Citizens speak against closing pound
Clintonville city council urged to delay decision
By Bert Lehman
Citizens addressed the Clintonville City Council about a proposed contract with Clintonville Veterinary Hospital for stray animal boarding services.
“I would like to suggest to the council that perhaps you table this for six months and let the citizens who love and care for the work that the pound does try to develop a ‘friends of the pound’ group,” said Jill Meyer of Clintonville.
She said she has nothing against Clintonville Veterinary Clinic, but believes there is a better way for this to be handled.
“It would be nice if the citizens could be a part of it,” Meyer said.
Former Clintonville alderwomen Gloria Dunlavy said she is disappointed with the direction the city is moving in regards to the animal pound. She also claimed the city didn’t provide the citizens with much notice regarding the potential change.
She also questioned the $4,500 the change would save the city.
“What the heck is $4,500, people, when it’s an animal?” Dunlavy said.
Donations to pound
Nissa Vinquist of Caroline, told the council she is involved with the Clintonville animal pound because she is on the board of directors for Shawano Cares about Critters. She said Shawano Cares about Critters spends a lot of its budget on helping the animal pound in Clintonville.
“We donate money. We donate food. We donate resources to this pound to save this city money,” Vinquist said.
She said 90 percent of the cats the animal pound takes in are not feral, a figure that was given by the city.
“Most cats when they come in are scared, they are not feral,” Vinquist said. “And with a few days of care and love they actually turn into very social, friendly cats.”
She didn’t think the Clintonville Veterinary Hospital would be able to give the cats enough time to turn into social pets. She said the Clintonville animal pound has improved over the years and it isn’t a “death sentence” for an animal taken there.
“But guess what, you change this contract, and if the Clintonville Vet does not have the resources to handle the influx of animals that happen at certain times of the year and the rescue partners to get them out, that’s exactly what will happen,” Vinquist said. “We built up trust. We built up a good program. Don’t destroy it.”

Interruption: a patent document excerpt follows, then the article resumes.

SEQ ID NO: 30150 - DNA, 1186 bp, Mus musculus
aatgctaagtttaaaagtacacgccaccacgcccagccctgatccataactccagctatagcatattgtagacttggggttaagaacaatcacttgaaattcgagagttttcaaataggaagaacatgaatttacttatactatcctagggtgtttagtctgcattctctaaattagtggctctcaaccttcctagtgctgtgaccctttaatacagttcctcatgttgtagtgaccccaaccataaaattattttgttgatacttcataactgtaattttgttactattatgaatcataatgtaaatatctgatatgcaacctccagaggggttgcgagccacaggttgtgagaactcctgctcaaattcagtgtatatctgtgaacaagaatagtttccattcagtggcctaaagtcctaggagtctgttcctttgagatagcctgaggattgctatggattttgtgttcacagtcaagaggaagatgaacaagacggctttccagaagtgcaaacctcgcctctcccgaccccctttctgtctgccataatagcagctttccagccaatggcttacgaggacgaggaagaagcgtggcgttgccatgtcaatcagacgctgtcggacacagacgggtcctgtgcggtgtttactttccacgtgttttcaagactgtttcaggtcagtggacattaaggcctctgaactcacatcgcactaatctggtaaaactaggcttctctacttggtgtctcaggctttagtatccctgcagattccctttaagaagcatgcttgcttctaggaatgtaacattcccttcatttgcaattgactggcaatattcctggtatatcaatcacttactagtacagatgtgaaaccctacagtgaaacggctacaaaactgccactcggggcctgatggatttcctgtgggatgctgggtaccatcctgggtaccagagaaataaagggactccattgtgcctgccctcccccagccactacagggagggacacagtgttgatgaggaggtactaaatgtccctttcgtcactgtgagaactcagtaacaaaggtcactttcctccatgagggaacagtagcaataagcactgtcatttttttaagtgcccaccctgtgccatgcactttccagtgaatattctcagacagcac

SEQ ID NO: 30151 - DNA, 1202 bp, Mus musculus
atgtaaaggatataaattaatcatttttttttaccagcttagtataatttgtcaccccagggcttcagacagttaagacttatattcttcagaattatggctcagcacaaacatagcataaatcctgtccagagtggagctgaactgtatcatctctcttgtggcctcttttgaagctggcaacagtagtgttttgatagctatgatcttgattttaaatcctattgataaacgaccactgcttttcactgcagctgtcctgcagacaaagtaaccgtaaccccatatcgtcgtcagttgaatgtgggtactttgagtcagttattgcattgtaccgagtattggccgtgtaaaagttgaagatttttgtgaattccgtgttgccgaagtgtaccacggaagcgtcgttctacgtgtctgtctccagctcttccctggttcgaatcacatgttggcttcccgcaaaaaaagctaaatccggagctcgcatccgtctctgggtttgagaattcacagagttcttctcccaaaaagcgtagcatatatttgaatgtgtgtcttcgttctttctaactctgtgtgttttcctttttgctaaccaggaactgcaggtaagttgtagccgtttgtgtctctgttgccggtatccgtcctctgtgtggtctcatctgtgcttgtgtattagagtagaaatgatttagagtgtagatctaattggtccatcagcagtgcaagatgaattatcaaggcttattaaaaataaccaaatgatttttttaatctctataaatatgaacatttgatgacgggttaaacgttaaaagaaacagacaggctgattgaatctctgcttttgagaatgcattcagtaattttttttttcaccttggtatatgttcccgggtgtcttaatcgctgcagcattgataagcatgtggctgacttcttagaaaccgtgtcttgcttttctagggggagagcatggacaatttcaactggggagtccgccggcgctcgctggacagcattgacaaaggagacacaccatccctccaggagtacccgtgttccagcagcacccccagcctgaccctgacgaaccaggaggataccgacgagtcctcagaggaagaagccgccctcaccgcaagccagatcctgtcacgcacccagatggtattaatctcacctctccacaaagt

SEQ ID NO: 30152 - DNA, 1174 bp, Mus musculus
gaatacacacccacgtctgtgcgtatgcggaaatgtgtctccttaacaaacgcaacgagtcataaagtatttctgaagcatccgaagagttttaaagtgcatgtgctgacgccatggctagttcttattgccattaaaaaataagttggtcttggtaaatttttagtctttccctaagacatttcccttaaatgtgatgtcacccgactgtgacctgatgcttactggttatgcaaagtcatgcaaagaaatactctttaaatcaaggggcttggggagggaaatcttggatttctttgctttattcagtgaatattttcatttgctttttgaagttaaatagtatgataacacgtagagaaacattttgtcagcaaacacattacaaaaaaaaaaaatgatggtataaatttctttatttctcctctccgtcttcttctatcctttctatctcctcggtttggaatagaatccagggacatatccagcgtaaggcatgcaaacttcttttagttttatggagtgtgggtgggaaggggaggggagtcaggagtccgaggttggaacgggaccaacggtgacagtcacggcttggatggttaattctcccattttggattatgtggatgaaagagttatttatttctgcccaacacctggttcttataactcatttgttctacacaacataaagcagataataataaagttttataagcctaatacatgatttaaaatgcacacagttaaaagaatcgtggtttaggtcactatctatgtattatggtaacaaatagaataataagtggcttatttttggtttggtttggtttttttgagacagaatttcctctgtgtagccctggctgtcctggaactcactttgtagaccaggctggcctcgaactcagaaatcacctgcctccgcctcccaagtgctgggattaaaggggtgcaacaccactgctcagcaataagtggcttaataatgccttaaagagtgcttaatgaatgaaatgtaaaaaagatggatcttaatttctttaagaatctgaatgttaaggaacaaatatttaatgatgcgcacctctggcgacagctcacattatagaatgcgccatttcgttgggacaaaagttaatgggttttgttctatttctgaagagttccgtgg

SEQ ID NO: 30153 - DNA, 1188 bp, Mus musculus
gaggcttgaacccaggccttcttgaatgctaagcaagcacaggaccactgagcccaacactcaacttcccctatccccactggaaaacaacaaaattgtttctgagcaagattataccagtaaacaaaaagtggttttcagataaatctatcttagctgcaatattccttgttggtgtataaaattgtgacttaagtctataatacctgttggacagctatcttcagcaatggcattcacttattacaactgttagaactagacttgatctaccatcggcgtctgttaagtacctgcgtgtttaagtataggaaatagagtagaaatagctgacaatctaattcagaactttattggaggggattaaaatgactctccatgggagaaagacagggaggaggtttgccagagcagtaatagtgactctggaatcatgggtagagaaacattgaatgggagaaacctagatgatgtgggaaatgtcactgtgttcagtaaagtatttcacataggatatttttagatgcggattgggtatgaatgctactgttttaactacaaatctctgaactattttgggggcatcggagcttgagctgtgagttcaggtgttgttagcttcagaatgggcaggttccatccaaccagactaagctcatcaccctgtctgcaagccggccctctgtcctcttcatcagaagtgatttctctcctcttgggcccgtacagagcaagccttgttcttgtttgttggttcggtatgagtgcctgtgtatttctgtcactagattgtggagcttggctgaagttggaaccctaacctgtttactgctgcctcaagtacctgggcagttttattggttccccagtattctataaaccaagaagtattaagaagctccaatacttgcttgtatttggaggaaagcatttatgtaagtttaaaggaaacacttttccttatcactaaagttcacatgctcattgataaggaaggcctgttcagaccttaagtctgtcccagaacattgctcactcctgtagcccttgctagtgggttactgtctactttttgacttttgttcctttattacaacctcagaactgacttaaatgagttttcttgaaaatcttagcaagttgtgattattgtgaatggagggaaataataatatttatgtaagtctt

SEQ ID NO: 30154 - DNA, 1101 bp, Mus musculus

Sarah Frankowski addressed the council about Liz Sorenson, who currently works at the animal pound in Clintonville. Frankowski said Sorenson has done a good job at the animal pound, working with a small budget.
“She has focused on caring for the animals, and especially in the case of young or sick animals, she has even taken them home to give them around the clock care if they need that,” Frankowski said. “She has worked to socialize feral cats.”
Frankowski said she thinks it takes more than seven days for a cat to become social.
She also said she didn’t want to criticize Clintonville Veterinary Hospital, but wondered if it would be working with other shelters to get animals adopted. She said Sorenson does work with other shelters.
“Let’s not go back into the dark ages when the pound equaled a death sentence,” Frankowski said.
She urged the city to come up with a better plan to serve the animals than the proposed contract would.
City urged to table decision
Aurie Vollrath claimed the proposed contract has many ‘holes’ in it.
“To the naked eye it looks like you guys are ready to euthanize people’s pets, all for $4,500 to save,” Vollrath said.
She urged the city to table the contract to allow time to develop a better plan.
“We’ll come up with something. Clintonville will pull together to save these animals and save our pound,” Vollrath said.
Liz Sorenson also addressed the council. She said she was taken by surprise that closing the Clintonville animal pound was being considered.
“I know that the city and the police have long considered the pound a thorn in their side, but I have tried to make it as little of a thorn as possible,” Sorenson said.
She said she doesn’t think the city understands all the work that goes into taking care of stray animals.
“The pound is not a pretty or happy place, but I try to bring enrichment and care to each and every animal in my care,” Sorenson said. “The improvements have been slow, but it’s happened.”
Sorenson claimed the proposed contract with Clintonville Veterinary Hospital is “vague” and doesn’t address a long-term solution to pet overpopulation.
She agreed that some changes need to be made, but this contract isn’t the solution.
Former mayor questions contract
Former Clintonville mayor Lois Bressette asked the council many questions about the contract, including if the city knows how Clintonville Veterinary Hospital will advertise stray animals available for adoption, how the adopters will be screened, will the animals be spayed or neutered prior to adoption, who will pay for that, and what the guidelines are for euthanizing animals?
“It appears that the agreement, that the way the agreement is written, the animals are worth more to the Clintonville Veterinary Hospital dead than they are alive,” Bressette claimed. “The Clintonville Vet Hospital will make more money off euthanasia, so there is actually no incentive to keep the animals and find a home for them.”
Bressette also questioned how passing this contract would save the city any money.
Former city attorney for the city of Clintonville April Dunlavy told the council it should table the contract because she claimed there are a lot of loopholes in the contract and logistic sthat the contract does not address.
The council took no action on the contract at the meeting.